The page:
Dream yoga, like lucid dreaming, progresses from beginning to advanced stages. A beginning yogi starts by addressing the question, “What are dreams made of?” They’re made of your mind. So, by working with your dreams at this refined level, you’re working to transform your mind. One early stage of dream yoga involves transforming the objects in your dreams, like changing a dream flower to a dream chair. In so doing, one discovers the malleable nature of mind and the truth of the saying, “Blessed are the flexible, for they are never bent out of shape.” This is the “yoga” or “stretching” part of dream yoga, which develops increased pliability of mind.

One amazing quality of both lucid dreaming and dream yoga is that the benefits of what you do in your dreams don’t stay tucked into the nighttime mind. By changing a flower into a chair in your dreams (not as easy as it sounds!), you realize you can change anger into compassion in your life. In other words, your emotional states are not as solid as you think. They’re essentially as solid as a dream, and therefore as workable.

At higher levels of dream yoga, you use the “example dream” or “double delusion” of the nighttime dream to wake you up from the “real dream” or “primary delusion” of daily life—which is precisely what the Buddha did. You eventually come to the shattering conclusion that this is a dream. When seen properly—when you’re lucid to it—your waking reality is no more concrete than a dream. So a dream yogi lives by the maxim, “This is a dream; I am free; I can change.” It’s a liberating wake-up call, with profound implications for all of life.

For most people, lucid dreaming and dream yoga are enough. But for those wanting to go to “graduate school,” one can advance into sleep yoga (related to yoga nidra in Hinduism). As incredible as it may sound, this is when you learn how to become lucid in deep, dreamless sleep. In Buddhism this is called “luminosity yoga” and adheres to the teaching that fundamentally there is no darkness within—only light unseen. Sleep yoga turns on this nightlight, a luminosity so radiant that it eventually illuminates even the day. Scientists are currently trying to prove this outrageous claim with advanced meditators and dream yogis.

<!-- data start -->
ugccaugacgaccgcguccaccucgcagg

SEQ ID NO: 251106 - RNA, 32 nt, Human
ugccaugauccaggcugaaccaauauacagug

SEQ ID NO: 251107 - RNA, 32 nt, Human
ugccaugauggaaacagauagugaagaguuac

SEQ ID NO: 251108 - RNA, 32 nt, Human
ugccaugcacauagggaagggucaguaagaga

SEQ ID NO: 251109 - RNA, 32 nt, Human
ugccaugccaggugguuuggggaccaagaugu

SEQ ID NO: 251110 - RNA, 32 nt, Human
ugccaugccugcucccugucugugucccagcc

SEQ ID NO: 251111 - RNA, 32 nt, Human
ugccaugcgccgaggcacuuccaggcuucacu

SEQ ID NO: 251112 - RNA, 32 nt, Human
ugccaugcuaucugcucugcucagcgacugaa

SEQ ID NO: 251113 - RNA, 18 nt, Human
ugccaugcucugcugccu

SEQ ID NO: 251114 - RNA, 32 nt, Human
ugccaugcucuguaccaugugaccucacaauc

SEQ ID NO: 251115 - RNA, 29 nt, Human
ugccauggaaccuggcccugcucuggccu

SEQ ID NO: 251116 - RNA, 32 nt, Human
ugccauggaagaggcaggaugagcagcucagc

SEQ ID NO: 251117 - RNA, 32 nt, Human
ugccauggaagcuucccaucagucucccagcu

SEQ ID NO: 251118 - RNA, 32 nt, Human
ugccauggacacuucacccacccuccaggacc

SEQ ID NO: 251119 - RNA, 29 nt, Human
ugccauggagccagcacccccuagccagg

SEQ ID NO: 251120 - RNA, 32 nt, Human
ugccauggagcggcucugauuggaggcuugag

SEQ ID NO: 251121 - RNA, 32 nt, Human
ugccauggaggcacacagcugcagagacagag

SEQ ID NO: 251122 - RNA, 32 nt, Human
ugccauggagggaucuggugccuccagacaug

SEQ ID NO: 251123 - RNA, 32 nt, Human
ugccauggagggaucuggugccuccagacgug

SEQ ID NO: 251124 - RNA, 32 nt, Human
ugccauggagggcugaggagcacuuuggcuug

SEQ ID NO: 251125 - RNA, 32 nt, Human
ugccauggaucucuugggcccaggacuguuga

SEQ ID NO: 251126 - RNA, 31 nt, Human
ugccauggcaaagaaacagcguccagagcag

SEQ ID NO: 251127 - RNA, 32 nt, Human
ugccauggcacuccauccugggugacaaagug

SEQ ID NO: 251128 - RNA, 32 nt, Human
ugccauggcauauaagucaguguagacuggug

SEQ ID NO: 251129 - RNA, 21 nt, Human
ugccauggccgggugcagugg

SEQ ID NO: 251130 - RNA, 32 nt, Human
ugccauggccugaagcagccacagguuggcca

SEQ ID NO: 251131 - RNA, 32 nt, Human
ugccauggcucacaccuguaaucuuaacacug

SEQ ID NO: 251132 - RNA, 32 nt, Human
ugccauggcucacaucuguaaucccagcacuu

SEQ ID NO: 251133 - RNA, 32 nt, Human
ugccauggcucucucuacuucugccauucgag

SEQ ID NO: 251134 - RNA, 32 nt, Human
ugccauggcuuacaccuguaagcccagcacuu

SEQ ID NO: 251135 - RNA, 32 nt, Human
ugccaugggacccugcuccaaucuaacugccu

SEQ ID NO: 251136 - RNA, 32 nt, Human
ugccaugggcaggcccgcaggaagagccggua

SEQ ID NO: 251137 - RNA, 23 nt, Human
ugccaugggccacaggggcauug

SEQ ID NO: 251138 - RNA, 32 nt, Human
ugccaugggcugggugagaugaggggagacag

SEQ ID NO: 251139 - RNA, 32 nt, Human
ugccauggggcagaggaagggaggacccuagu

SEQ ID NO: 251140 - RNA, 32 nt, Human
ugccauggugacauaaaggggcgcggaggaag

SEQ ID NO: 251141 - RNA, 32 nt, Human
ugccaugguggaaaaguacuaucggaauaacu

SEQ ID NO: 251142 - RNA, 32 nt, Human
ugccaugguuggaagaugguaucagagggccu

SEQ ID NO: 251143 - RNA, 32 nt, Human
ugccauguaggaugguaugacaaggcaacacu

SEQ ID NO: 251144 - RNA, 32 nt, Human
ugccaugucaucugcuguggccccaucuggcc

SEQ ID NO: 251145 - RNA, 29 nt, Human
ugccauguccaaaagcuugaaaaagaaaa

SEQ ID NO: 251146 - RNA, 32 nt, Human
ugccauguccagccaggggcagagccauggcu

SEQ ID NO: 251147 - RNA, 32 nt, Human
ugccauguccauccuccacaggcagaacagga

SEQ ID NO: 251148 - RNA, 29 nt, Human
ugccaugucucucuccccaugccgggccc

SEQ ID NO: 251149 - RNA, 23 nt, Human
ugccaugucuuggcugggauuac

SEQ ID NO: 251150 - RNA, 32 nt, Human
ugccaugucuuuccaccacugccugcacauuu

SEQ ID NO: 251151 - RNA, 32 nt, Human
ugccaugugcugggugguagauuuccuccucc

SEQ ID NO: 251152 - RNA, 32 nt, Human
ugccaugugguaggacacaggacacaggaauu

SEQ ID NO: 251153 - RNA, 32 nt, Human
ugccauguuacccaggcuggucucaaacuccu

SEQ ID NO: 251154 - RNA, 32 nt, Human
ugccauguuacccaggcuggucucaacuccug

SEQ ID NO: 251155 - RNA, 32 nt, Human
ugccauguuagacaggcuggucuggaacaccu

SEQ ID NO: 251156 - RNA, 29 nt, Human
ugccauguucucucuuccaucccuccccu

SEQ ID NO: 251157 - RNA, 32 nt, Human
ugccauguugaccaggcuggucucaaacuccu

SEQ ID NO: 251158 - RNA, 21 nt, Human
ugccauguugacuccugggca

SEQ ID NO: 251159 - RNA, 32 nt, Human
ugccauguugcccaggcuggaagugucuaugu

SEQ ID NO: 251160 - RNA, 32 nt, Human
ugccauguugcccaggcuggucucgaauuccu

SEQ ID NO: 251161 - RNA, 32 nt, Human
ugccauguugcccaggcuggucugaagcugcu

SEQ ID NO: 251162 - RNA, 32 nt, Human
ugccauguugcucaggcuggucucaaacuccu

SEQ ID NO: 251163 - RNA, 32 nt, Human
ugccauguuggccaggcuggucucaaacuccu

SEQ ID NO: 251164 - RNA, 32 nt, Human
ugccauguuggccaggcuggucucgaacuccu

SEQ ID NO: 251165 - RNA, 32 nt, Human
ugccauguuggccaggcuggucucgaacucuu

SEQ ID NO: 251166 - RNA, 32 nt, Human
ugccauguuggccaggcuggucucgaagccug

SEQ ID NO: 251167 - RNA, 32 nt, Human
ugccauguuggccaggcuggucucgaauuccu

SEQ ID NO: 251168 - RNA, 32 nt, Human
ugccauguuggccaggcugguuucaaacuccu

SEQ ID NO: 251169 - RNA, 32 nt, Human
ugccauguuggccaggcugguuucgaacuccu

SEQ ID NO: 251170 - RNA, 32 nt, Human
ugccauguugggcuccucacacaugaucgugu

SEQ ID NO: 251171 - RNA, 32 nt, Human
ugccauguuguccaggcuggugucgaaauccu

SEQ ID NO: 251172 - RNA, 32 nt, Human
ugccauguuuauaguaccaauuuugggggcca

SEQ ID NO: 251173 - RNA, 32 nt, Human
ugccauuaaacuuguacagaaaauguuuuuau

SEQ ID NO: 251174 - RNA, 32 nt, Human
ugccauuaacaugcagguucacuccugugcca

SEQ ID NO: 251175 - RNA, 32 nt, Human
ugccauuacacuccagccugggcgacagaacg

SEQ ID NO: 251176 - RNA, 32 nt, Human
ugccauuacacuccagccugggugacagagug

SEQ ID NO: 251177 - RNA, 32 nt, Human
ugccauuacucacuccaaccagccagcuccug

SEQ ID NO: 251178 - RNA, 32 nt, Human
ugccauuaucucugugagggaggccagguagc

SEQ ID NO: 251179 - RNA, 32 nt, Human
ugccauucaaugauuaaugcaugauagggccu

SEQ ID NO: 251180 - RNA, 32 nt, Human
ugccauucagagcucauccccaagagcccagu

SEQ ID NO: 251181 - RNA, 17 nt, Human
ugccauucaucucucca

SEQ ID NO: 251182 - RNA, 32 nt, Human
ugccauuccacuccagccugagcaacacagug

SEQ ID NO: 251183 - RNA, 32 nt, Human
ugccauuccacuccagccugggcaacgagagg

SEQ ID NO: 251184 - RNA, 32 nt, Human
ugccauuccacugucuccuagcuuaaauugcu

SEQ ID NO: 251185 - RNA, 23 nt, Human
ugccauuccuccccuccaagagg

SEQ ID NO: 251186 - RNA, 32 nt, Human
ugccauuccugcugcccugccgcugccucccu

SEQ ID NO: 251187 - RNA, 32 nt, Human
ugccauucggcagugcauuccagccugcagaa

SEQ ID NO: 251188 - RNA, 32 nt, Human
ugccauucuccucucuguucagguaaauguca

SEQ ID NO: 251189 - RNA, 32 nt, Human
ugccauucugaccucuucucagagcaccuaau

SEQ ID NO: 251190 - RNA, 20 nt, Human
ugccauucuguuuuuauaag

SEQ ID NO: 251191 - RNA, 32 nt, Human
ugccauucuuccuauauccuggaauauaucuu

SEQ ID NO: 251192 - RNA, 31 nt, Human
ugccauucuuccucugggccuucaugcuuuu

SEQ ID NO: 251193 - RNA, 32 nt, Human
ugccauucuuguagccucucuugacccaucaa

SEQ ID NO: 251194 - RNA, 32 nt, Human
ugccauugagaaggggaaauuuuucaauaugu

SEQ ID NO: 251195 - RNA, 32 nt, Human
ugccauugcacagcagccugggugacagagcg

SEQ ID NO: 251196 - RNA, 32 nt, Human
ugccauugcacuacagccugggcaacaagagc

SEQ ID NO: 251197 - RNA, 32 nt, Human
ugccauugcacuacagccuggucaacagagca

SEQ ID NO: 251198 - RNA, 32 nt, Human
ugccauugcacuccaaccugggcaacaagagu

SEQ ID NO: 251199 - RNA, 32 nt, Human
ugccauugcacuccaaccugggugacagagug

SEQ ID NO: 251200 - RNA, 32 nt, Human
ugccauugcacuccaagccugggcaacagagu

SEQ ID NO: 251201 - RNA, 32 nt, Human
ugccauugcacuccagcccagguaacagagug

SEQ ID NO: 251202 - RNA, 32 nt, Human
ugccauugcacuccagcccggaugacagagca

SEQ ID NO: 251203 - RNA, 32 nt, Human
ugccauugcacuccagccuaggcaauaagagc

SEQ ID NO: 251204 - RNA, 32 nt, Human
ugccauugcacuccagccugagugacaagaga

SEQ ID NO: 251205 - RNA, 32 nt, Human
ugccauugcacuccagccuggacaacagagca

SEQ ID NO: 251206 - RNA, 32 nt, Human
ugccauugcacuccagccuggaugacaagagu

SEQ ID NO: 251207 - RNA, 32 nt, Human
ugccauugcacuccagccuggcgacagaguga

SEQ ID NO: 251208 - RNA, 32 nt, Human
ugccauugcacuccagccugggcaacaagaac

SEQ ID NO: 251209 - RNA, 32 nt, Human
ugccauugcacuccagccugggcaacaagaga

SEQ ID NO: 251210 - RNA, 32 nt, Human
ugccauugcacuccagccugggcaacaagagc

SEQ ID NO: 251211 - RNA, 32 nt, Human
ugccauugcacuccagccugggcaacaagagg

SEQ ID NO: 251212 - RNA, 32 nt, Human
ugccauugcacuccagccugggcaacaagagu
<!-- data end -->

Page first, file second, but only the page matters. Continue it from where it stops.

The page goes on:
“Lucidity” is a code word for awareness. So, by working with any of these three practices, you’re working to cultivate greater awareness. And what doesn’t benefit with more awareness? All three of these practices engage the principle of bi-directionality, which is all about opening a two-way street between the daytime and nighttime mind. What we do during the day affects how we sleep and dream; and what we do when we sleep and dream affects how we live during the day. By becoming lucid to our dreams and to dreamless sleep, we’re secretly becoming more lucid or aware of our daily lives. So lucid dreaming leads to lucid living.

As fruitful as these three practices are, there is one final step for those wanting to take the deepest dive. With some proficiency in sleep yoga, one can advance into bardo yoga (“gap” yoga), which is when the darkness of sleep is used to prepare for the darkness of death. In Greek mythology, Thanatos (the god of death) and Hypnos (the god of sleep) aren’t just brothers—they’re twins. Death and sleep are intimately related. In Buddhism, death is referred to as “the dream at the end of time.” So bardo yoga, which is a Tibetan contribution, engages the tenet that dreamless means formless, and formless means deathless. Bardo yoga therefore introduces you to your formless/deathless nature—to who you really are. It points out the deepest part of you that doesn’t get old, sick, or die. Bardo yoga is a “dead end” practice that points out eternal life.

We spend a third of our lives in sleep. If you live to be 90, you’ve slept for 30 years. Imagine what you could do if you had even a fraction of that time. We spend 25% of our sleep time in dreams, which adds up to about a month a year. Think of what you could do if you added a month to each year! That’s real “overtime.”

The nocturnal meditations are cutting-edge practices. Neuroscientist Matthew Walker writes, “It is possible that lucid dreamers represent the next iteration in Homo sapiens’ evolution.” How evolutionary does that make lucid sleepers, let alone lucid “die-ers”? Do you want to be the first one on your block to take the lead in evolution? Then open your eyes to the dark, engage the nocturnal meditations, and discover the leading light within.